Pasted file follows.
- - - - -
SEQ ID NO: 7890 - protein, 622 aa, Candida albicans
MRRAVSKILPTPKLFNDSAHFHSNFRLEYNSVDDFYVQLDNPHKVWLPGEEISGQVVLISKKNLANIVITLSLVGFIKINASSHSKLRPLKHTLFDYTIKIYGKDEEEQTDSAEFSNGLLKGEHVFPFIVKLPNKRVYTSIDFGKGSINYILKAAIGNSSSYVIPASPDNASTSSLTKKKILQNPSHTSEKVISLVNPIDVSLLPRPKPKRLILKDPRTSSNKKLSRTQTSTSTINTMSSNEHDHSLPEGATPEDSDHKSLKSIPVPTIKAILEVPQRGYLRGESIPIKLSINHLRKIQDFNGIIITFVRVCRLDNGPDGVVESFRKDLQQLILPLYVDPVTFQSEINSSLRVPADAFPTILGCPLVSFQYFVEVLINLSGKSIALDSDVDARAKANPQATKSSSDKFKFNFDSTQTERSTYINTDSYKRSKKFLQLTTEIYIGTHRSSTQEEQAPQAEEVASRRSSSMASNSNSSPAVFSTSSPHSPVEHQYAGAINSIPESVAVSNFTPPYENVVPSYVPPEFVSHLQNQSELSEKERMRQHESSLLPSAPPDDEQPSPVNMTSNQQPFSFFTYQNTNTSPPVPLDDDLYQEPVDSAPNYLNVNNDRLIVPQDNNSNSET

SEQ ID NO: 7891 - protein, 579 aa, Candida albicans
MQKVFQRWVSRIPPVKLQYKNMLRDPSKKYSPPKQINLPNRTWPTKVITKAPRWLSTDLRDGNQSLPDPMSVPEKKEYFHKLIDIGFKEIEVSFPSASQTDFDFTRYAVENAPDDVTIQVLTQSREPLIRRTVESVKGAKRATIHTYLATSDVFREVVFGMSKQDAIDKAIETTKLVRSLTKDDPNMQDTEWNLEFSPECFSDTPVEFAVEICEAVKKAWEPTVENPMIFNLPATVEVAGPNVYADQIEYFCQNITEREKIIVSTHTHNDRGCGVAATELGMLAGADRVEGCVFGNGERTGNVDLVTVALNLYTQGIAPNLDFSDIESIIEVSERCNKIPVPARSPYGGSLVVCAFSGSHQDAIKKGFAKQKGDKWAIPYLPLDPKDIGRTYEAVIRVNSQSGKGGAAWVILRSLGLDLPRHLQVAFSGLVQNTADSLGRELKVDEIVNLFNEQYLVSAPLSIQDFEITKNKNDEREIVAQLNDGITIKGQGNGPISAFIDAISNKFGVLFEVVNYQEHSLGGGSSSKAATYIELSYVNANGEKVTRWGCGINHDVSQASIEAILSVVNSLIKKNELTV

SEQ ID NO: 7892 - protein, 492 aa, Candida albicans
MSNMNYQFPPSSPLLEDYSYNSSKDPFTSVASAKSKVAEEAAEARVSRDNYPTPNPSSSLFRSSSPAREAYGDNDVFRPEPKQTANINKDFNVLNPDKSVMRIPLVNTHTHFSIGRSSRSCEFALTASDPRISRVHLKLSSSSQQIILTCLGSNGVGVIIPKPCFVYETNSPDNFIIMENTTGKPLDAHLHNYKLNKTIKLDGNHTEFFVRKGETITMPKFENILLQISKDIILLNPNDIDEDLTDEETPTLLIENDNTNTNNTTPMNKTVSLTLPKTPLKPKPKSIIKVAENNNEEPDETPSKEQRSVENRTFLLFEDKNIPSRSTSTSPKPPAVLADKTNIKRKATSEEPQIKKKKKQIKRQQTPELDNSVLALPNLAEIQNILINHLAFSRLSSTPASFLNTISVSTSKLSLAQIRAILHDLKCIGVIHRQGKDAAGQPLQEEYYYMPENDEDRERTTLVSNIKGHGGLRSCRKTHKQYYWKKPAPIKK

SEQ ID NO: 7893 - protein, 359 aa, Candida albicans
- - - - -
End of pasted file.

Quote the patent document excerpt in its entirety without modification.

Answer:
SEQ ID NO: 7890 - protein, 622 aa, Candida albicans
MRRAVSKILPTPKLFNDSAHFHSNFRLEYNSVDDFYVQLDNPHKVWLPGEEISGQVVLISKKNLANIVITLSLVGFIKINASSHSKLRPLKHTLFDYTIKIYGKDEEEQTDSAEFSNGLLKGEHVFPFIVKLPNKRVYTSIDFGKGSINYILKAAIGNSSSYVIPASPDNASTSSLTKKKILQNPSHTSEKVISLVNPIDVSLLPRPKPKRLILKDPRTSSNKKLSRTQTSTSTINTMSSNEHDHSLPEGATPEDSDHKSLKSIPVPTIKAILEVPQRGYLRGESIPIKLSINHLRKIQDFNGIIITFVRVCRLDNGPDGVVESFRKDLQQLILPLYVDPVTFQSEINSSLRVPADAFPTILGCPLVSFQYFVEVLINLSGKSIALDSDVDARAKANPQATKSSSDKFKFNFDSTQTERSTYINTDSYKRSKKFLQLTTEIYIGTHRSSTQEEQAPQAEEVASRRSSSMASNSNSSPAVFSTSSPHSPVEHQYAGAINSIPESVAVSNFTPPYENVVPSYVPPEFVSHLQNQSELSEKERMRQHESSLLPSAPPDDEQPSPVNMTSNQQPFSFFTYQNTNTSPPVPLDDDLYQEPVDSAPNYLNVNNDRLIVPQDNNSNSET

SEQ ID NO: 7891 - protein, 579 aa, Candida albicans
MQKVFQRWVSRIPPVKLQYKNMLRDPSKKYSPPKQINLPNRTWPTKVITKAPRWLSTDLRDGNQSLPDPMSVPEKKEYFHKLIDIGFKEIEVSFPSASQTDFDFTRYAVENAPDDVTIQVLTQSREPLIRRTVESVKGAKRATIHTYLATSDVFREVVFGMSKQDAIDKAIETTKLVRSLTKDDPNMQDTEWNLEFSPECFSDTPVEFAVEICEAVKKAWEPTVENPMIFNLPATVEVAGPNVYADQIEYFCQNITEREKIIVSTHTHNDRGCGVAATELGMLAGADRVEGCVFGNGERTGNVDLVTVALNLYTQGIAPNLDFSDIESIIEVSERCNKIPVPARSPYGGSLVVCAFSGSHQDAIKKGFAKQKGDKWAIPYLPLDPKDIGRTYEAVIRVNSQSGKGGAAWVILRSLGLDLPRHLQVAFSGLVQNTADSLGRELKVDEIVNLFNEQYLVSAPLSIQDFEITKNKNDEREIVAQLNDGITIKGQGNGPISAFIDAISNKFGVLFEVVNYQEHSLGGGSSSKAATYIELSYVNANGEKVTRWGCGINHDVSQASIEAILSVVNSLIKKNELTV

SEQ ID NO: 7892 - protein, 492 aa, Candida albicans
MSNMNYQFPPSSPLLEDYSYNSSKDPFTSVASAKSKVAEEAAEARVSRDNYPTPNPSSSLFRSSSPAREAYGDNDVFRPEPKQTANINKDFNVLNPDKSVMRIPLVNTHTHFSIGRSSRSCEFALTASDPRISRVHLKLSSSSQQIILTCLGSNGVGVIIPKPCFVYETNSPDNFIIMENTTGKPLDAHLHNYKLNKTIKLDGNHTEFFVRKGETITMPKFENILLQISKDIILLNPNDIDEDLTDEETPTLLIENDNTNTNNTTPMNKTVSLTLPKTPLKPKPKSIIKVAENNNEEPDETPSKEQRSVENRTFLLFEDKNIPSRSTSTSPKPPAVLADKTNIKRKATSEEPQIKKKKKQIKRQQTPELDNSVLALPNLAEIQNILINHLAFSRLSSTPASFLNTISVSTSKLSLAQIRAILHDLKCIGVIHRQGKDAAGQPLQEEYYYMPENDEDRERTTLVSNIKGHGGLRSCRKTHKQYYWKKPAPIKK

SEQ ID NO: 7893 - protein, 359 aa, Candida albicans